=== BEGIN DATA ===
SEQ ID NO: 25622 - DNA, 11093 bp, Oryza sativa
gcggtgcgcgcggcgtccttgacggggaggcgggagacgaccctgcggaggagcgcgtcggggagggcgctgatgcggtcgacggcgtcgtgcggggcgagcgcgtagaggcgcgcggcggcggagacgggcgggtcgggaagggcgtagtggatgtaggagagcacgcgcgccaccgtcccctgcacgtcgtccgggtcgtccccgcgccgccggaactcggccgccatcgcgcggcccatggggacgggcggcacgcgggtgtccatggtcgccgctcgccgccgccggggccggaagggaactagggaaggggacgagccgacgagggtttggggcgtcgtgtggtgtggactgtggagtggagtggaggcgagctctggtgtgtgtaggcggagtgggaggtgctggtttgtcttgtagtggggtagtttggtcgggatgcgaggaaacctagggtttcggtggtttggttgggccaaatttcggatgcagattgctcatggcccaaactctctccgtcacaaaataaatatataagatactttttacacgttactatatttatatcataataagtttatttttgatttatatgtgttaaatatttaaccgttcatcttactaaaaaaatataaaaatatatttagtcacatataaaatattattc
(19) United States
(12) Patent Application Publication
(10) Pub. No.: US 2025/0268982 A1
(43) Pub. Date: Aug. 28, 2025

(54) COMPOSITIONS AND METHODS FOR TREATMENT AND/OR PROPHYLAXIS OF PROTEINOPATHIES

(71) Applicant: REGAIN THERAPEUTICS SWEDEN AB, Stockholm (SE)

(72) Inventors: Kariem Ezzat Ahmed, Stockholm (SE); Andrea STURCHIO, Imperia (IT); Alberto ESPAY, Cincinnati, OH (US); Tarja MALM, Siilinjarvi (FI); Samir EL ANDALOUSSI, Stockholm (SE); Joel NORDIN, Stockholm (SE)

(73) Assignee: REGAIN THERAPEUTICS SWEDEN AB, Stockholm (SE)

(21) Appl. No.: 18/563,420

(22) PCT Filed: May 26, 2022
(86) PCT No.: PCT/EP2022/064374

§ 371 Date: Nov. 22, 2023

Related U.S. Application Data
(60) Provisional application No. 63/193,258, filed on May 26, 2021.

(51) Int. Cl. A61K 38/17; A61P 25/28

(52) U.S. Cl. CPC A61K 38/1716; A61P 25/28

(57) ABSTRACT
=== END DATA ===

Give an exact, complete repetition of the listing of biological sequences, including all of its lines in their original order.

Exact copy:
SEQ ID NO: 25622 - DNA, 11093 bp, Oryza sativa
gcggtgcgcgcggcgtccttgacggggaggcgggagacgaccctgcggaggagcgcgtcggggagggcgctgatgcggtcgacggcgtcgtgcggggcgagcgcgtagaggcgcgcggcggcggagacgggcgggtcgggaagggcgtagtggatgtaggagagcacgcgcgccaccgtcccctgcacgtcgtccgggtcgtccccgcgccgccggaactcggccgccatcgcgcggcccatggggacgggcggcacgcgggtgtccatggtcgccgctcgccgccgccggggccggaagggaactagggaaggggacgagccgacgagggtttggggcgtcgtgtggtgtggactgtggagtggagtggaggcgagctctggtgtgtgtaggcggagtgggaggtgctggtttgtcttgtagtggggtagtttggtcgggatgcgaggaaacctagggtttcggtggtttggttgggccaaatttcggatgcagattgctcatggcccaaactctctccgtcacaaaataaatatataagatactttttacacgttactatatttatatcataataagtttatttttgatttatatgtgttaaatatttaaccgttcatcttactaaaaaaatataaaaatatatttagtcacatataaaatattattc
(19) United States
(12) Patent Application Publication
(10) Pub. No.: US 2025/0268982 A1
(43) Pub. Date: Aug. 28, 2025

(54) COMPOSITIONS AND METHODS FOR TREATMENT AND/OR PROPHYLAXIS OF PROTEINOPATHIES

(71) Applicant: REGAIN THERAPEUTICS SWEDEN AB, Stockholm (SE)

(72) Inventors: Kariem Ezzat Ahmed, Stockholm (SE); Andrea STURCHIO, Imperia (IT); Alberto ESPAY, Cincinnati, OH (US); Tarja MALM, Siilinjarvi (FI); Samir EL ANDALOUSSI, Stockholm (SE); Joel NORDIN, Stockholm (SE)

(73) Assignee: REGAIN THERAPEUTICS SWEDEN AB, Stockholm (SE)

(21) Appl. No.: 18/563,420

(22) PCT Filed: May 26, 2022
(86) PCT No.: PCT/EP2022/064374

§ 371 Date: Nov. 22, 2023

Related U.S. Application Data
(60) Provisional application No. 63/193,258, filed on May 26, 2021.

(51) Int. Cl. A61K 38/17; A61P 25/28

(52) U.S. Cl. CPC A61K 38/1716; A61P 25/28

(57) ABSTRACT